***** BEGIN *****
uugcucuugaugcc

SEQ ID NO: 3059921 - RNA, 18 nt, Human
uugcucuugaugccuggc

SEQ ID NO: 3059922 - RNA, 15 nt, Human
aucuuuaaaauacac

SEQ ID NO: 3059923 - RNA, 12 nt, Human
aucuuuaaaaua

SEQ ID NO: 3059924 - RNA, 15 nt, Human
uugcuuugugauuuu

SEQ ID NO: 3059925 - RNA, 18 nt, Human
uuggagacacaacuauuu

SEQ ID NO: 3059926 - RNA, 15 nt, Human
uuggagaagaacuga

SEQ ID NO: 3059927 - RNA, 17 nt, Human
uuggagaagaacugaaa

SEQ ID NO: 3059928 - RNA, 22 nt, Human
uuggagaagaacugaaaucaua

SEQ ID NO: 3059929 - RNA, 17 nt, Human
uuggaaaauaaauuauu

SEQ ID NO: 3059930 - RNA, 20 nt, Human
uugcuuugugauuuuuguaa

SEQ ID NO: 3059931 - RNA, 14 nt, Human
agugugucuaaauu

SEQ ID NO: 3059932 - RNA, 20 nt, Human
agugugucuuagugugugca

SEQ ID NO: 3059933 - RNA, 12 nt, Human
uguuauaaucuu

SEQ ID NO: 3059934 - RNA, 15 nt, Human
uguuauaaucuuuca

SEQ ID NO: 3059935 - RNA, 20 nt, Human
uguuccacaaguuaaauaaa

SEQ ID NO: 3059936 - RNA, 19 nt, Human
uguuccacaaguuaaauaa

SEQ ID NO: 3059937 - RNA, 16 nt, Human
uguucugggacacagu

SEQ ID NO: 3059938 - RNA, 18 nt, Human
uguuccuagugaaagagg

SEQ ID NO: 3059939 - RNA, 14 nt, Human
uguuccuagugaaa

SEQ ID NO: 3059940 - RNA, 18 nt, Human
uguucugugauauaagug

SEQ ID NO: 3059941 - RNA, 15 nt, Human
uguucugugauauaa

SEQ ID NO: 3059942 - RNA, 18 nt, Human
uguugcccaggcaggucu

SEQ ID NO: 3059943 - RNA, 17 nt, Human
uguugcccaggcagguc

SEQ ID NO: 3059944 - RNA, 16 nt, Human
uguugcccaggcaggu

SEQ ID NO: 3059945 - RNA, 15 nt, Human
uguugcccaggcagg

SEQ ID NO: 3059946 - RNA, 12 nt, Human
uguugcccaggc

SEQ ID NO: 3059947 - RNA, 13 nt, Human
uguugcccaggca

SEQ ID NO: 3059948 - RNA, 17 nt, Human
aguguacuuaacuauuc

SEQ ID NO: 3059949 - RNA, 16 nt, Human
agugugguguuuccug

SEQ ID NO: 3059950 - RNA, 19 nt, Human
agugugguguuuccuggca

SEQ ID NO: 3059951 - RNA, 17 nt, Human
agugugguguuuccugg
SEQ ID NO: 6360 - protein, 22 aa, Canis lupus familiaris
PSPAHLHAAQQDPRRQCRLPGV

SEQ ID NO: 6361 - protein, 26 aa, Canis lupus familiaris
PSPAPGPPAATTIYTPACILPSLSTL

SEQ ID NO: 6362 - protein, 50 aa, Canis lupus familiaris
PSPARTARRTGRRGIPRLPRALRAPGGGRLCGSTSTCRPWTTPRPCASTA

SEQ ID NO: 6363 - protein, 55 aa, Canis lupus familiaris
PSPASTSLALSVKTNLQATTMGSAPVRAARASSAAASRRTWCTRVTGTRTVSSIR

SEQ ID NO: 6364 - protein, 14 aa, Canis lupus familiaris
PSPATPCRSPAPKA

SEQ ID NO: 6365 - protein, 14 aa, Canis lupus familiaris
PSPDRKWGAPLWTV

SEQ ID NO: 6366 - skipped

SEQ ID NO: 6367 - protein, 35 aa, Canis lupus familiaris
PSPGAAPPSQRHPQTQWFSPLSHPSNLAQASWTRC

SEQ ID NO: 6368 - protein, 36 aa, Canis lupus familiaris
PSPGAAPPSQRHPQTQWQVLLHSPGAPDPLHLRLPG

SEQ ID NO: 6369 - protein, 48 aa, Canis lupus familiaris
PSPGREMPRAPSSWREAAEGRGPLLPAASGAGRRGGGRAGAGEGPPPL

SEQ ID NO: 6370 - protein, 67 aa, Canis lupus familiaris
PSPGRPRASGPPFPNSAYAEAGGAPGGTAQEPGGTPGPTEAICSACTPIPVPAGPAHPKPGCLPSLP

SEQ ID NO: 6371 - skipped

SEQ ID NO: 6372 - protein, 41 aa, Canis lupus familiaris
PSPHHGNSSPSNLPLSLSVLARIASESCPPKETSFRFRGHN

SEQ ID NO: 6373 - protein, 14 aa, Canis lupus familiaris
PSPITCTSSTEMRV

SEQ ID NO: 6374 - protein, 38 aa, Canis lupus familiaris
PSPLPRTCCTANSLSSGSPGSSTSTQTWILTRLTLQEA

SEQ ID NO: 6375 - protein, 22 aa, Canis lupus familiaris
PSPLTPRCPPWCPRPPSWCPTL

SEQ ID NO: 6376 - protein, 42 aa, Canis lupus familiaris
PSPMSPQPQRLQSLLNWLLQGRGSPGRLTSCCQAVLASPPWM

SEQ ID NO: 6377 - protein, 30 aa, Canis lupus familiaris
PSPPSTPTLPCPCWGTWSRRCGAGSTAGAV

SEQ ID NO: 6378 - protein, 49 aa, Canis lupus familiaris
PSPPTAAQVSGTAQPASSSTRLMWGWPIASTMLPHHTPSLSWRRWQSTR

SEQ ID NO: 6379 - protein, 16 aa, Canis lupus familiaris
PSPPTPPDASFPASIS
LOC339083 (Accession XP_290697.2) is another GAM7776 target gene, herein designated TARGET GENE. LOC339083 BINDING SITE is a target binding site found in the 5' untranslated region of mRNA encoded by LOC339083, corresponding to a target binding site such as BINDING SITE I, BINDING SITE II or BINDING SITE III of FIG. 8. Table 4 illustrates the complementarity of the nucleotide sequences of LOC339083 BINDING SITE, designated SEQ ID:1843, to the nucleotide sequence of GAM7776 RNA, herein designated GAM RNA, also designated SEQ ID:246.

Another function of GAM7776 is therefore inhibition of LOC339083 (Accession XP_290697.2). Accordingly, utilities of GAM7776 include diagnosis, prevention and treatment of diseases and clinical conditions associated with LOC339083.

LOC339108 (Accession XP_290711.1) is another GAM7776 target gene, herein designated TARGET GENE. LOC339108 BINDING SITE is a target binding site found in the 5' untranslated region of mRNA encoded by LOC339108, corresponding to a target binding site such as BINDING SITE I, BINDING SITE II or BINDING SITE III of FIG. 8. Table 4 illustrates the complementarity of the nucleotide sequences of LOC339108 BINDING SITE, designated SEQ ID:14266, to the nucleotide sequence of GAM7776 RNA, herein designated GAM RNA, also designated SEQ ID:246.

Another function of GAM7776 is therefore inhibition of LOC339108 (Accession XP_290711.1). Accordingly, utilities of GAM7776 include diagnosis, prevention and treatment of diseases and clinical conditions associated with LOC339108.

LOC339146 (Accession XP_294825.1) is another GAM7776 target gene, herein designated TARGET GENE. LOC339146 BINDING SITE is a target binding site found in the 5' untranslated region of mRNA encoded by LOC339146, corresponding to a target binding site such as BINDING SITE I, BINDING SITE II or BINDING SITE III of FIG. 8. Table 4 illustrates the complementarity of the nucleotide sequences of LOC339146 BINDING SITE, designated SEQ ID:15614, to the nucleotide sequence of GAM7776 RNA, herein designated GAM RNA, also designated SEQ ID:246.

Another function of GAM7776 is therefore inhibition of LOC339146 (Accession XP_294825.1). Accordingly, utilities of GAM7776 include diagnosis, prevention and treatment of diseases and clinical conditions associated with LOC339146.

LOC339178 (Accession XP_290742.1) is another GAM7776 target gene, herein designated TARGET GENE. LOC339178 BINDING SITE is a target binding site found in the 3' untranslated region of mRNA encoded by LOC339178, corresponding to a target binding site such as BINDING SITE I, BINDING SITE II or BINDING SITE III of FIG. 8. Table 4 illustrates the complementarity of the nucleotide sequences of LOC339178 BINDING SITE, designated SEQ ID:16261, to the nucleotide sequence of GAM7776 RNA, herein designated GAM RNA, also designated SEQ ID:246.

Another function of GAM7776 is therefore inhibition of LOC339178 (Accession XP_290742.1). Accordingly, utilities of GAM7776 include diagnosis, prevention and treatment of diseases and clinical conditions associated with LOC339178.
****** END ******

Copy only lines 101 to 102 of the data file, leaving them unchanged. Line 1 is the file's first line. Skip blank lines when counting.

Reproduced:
PSPPTPPDASFPASIS
LOC339083 (Accession XP_290697.2) is another GAM7776 target gene, herein designated TARGET GENE. LOC339083 BINDING SITE is a target binding site found in the 5' untranslated region of mRNA encoded by LOC339083, corresponding to a target binding site such as BINDING SITE I, BINDING SITE II or BINDING SITE III of FIG. 8. Table 4 illustrates the complementarity of the nucleotide sequences of LOC339083 BINDING SITE, designated SEQ ID:1843, to the nucleotide sequence of GAM7776 RNA, herein designated GAM RNA, also designated SEQ ID:246.